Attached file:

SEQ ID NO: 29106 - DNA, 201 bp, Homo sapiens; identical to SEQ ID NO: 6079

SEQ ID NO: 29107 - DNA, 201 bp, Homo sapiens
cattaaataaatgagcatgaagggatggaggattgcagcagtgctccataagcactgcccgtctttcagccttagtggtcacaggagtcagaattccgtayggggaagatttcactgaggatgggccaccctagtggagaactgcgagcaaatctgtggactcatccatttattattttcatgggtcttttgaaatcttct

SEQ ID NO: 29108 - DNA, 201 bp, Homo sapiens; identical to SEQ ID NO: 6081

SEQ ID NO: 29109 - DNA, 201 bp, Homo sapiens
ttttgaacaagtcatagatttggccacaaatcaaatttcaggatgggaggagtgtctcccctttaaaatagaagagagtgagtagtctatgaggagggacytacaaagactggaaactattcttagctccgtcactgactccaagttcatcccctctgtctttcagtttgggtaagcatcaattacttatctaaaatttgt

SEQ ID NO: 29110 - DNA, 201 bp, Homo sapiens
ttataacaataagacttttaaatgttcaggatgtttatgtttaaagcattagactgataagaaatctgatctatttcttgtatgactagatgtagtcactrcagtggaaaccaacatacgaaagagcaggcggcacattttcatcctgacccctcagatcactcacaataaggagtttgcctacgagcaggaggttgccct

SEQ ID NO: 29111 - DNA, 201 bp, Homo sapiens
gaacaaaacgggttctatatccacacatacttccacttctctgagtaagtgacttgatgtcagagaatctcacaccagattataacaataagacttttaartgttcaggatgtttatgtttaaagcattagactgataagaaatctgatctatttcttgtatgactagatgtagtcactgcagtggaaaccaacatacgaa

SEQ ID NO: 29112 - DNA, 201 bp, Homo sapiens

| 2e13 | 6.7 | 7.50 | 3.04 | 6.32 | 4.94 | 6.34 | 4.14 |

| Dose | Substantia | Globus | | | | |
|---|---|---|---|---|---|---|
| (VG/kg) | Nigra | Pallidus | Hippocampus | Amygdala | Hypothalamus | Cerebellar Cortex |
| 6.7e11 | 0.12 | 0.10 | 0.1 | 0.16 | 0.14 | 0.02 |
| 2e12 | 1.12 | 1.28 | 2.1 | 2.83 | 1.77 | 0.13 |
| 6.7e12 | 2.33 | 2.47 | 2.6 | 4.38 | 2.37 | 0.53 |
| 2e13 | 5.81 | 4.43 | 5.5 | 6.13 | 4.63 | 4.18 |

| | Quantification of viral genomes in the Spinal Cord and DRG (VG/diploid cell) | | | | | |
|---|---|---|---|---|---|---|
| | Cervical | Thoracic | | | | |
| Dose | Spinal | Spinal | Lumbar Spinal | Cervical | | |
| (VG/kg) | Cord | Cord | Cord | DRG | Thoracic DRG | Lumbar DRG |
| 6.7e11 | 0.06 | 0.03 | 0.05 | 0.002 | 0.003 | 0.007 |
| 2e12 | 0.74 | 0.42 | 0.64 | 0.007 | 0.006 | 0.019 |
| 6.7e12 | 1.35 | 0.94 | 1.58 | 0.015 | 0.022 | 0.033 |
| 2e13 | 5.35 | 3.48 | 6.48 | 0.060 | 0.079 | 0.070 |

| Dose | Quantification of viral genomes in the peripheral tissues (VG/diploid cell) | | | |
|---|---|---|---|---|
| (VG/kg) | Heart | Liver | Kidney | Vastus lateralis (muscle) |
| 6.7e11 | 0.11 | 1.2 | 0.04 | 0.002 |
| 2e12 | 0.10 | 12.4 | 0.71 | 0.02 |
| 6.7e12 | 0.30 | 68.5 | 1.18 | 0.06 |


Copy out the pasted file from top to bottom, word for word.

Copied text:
SEQ ID NO: 29106 - DNA, 201 bp, Homo sapiens; identical to SEQ ID NO: 6079

SEQ ID NO: 29107 - DNA, 201 bp, Homo sapiens
cattaaataaatgagcatgaagggatggaggattgcagcagtgctccataagcactgcccgtctttcagccttagtggtcacaggagtcagaattccgtayggggaagatttcactgaggatgggccaccctagtggagaactgcgagcaaatctgtggactcatccatttattattttcatgggtcttttgaaatcttct

SEQ ID NO: 29108 - DNA, 201 bp, Homo sapiens; identical to SEQ ID NO: 6081

SEQ ID NO: 29109 - DNA, 201 bp, Homo sapiens
ttttgaacaagtcatagatttggccacaaatcaaatttcaggatgggaggagtgtctcccctttaaaatagaagagagtgagtagtctatgaggagggacytacaaagactggaaactattcttagctccgtcactgactccaagttcatcccctctgtctttcagtttgggtaagcatcaattacttatctaaaatttgt

SEQ ID NO: 29110 - DNA, 201 bp, Homo sapiens
ttataacaataagacttttaaatgttcaggatgtttatgtttaaagcattagactgataagaaatctgatctatttcttgtatgactagatgtagtcactrcagtggaaaccaacatacgaaagagcaggcggcacattttcatcctgacccctcagatcactcacaataaggagtttgcctacgagcaggaggttgccct

SEQ ID NO: 29111 - DNA, 201 bp, Homo sapiens
gaacaaaacgggttctatatccacacatacttccacttctctgagtaagtgacttgatgtcagagaatctcacaccagattataacaataagacttttaartgttcaggatgtttatgtttaaagcattagactgataagaaatctgatctatttcttgtatgactagatgtagtcactgcagtggaaaccaacatacgaa

SEQ ID NO: 29112 - DNA, 201 bp, Homo sapiens

| 2e13 | 6.7 | 7.50 | 3.04 | 6.32 | 4.94 | 6.34 | 4.14 |

| Dose | Substantia | Globus | | | | |
|---|---|---|---|---|---|---|
| (VG/kg) | Nigra | Pallidus | Hippocampus | Amygdala | Hypothalamus | Cerebellar Cortex |
| 6.7e11 | 0.12 | 0.10 | 0.1 | 0.16 | 0.14 | 0.02 |
| 2e12 | 1.12 | 1.28 | 2.1 | 2.83 | 1.77 | 0.13 |
| 6.7e12 | 2.33 | 2.47 | 2.6 | 4.38 | 2.37 | 0.53 |
| 2e13 | 5.81 | 4.43 | 5.5 | 6.13 | 4.63 | 4.18 |

| | Quantification of viral genomes in the Spinal Cord and DRG (VG/diploid cell) | | | | | |
|---|---|---|---|---|---|---|
| | Cervical | Thoracic | | | | |
| Dose | Spinal | Spinal | Lumbar Spinal | Cervical | | |
| (VG/kg) | Cord | Cord | Cord | DRG | Thoracic DRG | Lumbar DRG |
| 6.7e11 | 0.06 | 0.03 | 0.05 | 0.002 | 0.003 | 0.007 |
| 2e12 | 0.74 | 0.42 | 0.64 | 0.007 | 0.006 | 0.019 |
| 6.7e12 | 1.35 | 0.94 | 1.58 | 0.015 | 0.022 | 0.033 |
| 2e13 | 5.35 | 3.48 | 6.48 | 0.060 | 0.079 | 0.070 |

| Dose | Quantification of viral genomes in the peripheral tissues (VG/diploid cell) | | | |
|---|---|---|---|---|
| (VG/kg) | Heart | Liver | Kidney | Vastus lateralis (muscle) |
| 6.7e11 | 0.11 | 1.2 | 0.04 | 0.002 |
| 2e12 | 0.10 | 12.4 | 0.71 | 0.02 |
| 6.7e12 | 0.30 | 68.5 | 1.18 | 0.06 |